Lesson Plan

Freeing the Elwha (Hatcheries, Saviors or Scourge for Wild Salmon?)

Pink salmon.
Grade Level:
Sixth Grade-Eighth Grade
Aquatic Studies, Biodiversity, Biology: Animals, Ecology, Environment, Wildlife Biology, Wildlife Management
Two Class Period
Group Size:
Up to 36
National/State Standards:
Washington State Standards:
EALR 4: 6-8 LS3A, LS3E, LS2B
Social Studies
EALR 5: Component 5.2
EALR 2: Component 2.1, Component 2.2


Hatcheries seem like a good idea, but they are fraught with problems, how are hatcheries both a danger and a blessing to wild fish?


This lesson focuses on the history and roles that hatcheries serve in sustaining commercial fisheries, native fish populations, and saving endangered fish stocks. Hatcheries were historically a popular tool for propagating large numbers of fish for sustaining commercial fisheries, however, a series of problems have resulted in increasing controversies over their use. Some of the problems include the use of non-native stocks, the development of non-competitive behaviors, and over-stocking fish beyond the natural carrying capacity of the environment at the expense of wild native fish. However, as wild fish runs become threatened with extinction, hatcheries are also proving to be a valuable tool for saving these wild native runs.

  • Hatchery: A facility used to rear juvenile fish for the purpose of stocking rivers or lakes, producing fish for commercial fishing activities, or restoring endangered fish populations.
  • Carrying Capacity: The largest number of individuals an ecosystem can support, based on food availability, behaviors, and space limitations.
  • Gene pool: The total number of genes of every individual in an interbreeding population. A large gene pool indicates high genetic diversity, increased chances of biological fitness, and survival. A small gene pool indicates low genetic diversity, reduced chances of acquiring biological fitness, and increased possibility of extinction.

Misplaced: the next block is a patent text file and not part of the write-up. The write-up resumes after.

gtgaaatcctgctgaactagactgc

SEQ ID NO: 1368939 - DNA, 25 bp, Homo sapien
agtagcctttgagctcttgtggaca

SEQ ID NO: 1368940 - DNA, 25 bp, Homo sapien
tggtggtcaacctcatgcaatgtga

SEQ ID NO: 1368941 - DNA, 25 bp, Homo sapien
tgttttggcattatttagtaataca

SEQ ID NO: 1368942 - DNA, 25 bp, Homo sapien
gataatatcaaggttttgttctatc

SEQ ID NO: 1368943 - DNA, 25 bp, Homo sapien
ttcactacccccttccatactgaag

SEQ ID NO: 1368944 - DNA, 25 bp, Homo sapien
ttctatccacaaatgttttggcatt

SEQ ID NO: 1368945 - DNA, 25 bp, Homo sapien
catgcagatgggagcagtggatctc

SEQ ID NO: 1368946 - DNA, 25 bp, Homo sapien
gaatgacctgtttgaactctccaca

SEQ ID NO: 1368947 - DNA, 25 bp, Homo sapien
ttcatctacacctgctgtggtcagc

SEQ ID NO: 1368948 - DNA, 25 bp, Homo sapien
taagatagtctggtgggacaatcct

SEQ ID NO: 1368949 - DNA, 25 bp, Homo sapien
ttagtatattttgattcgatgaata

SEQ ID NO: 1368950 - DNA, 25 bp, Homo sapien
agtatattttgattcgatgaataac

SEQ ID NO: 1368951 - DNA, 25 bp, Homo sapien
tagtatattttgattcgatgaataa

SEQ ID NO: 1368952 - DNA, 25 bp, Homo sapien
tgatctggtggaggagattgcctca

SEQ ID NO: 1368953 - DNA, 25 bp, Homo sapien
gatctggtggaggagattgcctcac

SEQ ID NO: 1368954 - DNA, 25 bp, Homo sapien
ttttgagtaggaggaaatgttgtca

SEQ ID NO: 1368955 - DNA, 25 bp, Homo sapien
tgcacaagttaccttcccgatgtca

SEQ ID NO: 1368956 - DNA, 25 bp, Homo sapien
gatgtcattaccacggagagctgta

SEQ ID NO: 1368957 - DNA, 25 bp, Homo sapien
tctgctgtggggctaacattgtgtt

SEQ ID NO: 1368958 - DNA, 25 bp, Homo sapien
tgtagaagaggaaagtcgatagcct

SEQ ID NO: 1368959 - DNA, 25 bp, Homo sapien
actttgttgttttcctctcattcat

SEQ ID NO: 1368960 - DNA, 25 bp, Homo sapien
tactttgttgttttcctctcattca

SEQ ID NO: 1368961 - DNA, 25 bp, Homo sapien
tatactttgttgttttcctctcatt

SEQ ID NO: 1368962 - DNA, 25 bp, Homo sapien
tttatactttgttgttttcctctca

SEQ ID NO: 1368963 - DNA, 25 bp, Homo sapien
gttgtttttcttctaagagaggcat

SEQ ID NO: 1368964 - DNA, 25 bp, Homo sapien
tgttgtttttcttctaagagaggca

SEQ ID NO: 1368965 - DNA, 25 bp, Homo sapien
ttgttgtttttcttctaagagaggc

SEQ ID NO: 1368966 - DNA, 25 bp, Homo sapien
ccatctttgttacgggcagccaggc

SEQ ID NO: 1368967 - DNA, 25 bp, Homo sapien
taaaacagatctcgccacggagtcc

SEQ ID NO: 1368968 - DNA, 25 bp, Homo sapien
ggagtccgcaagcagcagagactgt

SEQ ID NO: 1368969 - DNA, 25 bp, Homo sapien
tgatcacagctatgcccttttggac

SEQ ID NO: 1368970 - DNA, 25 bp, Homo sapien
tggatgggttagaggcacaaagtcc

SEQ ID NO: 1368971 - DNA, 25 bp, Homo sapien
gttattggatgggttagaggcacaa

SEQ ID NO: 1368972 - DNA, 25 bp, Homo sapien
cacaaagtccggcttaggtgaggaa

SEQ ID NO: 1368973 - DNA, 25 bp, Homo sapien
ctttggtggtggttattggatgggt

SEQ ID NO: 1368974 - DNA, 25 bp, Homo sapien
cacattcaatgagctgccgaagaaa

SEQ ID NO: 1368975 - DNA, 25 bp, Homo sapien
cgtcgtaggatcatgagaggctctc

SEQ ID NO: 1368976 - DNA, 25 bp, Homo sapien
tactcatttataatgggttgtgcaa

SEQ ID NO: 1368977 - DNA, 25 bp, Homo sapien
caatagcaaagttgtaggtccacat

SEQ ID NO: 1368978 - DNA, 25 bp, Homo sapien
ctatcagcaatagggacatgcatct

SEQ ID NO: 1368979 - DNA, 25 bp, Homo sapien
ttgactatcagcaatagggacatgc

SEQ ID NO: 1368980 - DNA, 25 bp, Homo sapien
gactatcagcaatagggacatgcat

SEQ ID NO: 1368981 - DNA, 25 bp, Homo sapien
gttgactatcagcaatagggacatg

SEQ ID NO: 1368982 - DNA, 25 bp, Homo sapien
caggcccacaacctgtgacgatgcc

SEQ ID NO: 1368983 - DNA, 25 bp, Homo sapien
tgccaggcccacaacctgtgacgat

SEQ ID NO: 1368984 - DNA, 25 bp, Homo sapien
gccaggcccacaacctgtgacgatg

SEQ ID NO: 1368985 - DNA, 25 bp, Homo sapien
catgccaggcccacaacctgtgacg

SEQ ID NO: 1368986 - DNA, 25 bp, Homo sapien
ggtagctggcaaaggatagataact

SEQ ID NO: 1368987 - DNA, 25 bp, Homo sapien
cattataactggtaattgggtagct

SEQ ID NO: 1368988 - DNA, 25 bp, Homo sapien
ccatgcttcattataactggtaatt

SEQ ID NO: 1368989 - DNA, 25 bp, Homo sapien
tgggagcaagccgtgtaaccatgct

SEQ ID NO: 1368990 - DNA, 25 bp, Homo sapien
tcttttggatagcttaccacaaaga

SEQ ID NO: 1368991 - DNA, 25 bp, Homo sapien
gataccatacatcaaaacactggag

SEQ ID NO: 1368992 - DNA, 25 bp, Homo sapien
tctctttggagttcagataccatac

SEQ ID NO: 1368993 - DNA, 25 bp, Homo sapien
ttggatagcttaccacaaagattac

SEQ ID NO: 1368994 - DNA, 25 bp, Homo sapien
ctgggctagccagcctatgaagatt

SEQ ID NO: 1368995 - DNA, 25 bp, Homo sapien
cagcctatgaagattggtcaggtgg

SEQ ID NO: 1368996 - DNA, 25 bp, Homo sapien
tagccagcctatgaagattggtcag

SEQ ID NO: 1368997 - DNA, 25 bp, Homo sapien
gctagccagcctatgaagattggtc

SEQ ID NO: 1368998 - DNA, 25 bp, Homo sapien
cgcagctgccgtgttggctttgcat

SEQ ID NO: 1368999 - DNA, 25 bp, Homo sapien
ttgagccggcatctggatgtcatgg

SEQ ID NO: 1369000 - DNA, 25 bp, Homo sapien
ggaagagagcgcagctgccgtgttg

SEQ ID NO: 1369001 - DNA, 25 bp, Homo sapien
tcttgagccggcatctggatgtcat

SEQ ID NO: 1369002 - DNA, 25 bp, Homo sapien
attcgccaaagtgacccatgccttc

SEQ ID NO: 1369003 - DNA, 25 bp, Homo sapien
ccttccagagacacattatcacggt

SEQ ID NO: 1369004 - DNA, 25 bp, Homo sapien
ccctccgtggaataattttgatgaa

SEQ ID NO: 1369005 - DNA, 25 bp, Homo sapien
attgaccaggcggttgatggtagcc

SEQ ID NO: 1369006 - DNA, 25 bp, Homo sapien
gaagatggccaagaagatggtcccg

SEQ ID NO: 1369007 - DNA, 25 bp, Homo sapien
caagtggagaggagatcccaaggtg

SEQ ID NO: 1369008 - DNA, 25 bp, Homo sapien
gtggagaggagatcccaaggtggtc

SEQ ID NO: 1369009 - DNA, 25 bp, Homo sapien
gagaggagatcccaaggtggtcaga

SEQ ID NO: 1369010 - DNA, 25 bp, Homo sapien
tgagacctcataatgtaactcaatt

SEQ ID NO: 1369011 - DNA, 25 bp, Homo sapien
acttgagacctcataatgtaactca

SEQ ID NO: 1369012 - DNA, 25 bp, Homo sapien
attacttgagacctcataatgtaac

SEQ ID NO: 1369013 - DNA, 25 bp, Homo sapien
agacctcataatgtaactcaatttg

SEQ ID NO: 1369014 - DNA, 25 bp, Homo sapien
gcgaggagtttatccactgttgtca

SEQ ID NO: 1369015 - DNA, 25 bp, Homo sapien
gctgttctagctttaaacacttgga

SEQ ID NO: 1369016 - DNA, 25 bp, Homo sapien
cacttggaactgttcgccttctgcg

• Lesson 17- Hatcheries, Saviors or Scourge for Wild Salmon.pptx
  • Reflection Journal pages (printable handout)
  • Vocabulary notes (printable handout)
  • Hatcheries, Saviors or Scourge for Wild Salmon? Pro and con handout.


Review Essential Question; introduce Guiding Question.

Students should take a few minutes to respond to the first reflection prompts. Discuss their answers and any questions they've generated.
Hand out the Vocabulary Notes. With this lesson you may want to define the words before presenting the PowerPoint Lesson.
Present the PowerPoint Lesson.
Class discussion- Ask students why they think hatcheries could be good or harmful to salmon. Discuss the risks of over-stocking beyond the carrying capacity, the introduction of parasites and diseases, and what affects that can have on native stocks. This might be a good time to show the short video at: http://www.farmedanddangerous.org/salmon-farming-problems/environmental-impacts/marine-mammal-deaths/. Have the students take notes.
Pass out the Hatcheries, Saviors or Scourge for Wild Salmon? handout. Have students do some research and reading about hatcheries. While they are researching they can fill out the chart on the handout. After the students have filled the columns with reasons for and against hatcheries, have them draft a paragraph at the bottom of each column defending and rejecting hatcheries. The object is for students to examine both sides of a controversial issue. The can take this information further into a formal paper, a debate, or save it with the other lessons they have compiled as a resource for the final project in Lesson 19.

Additional Resources



Carrying Capacity
Gene pool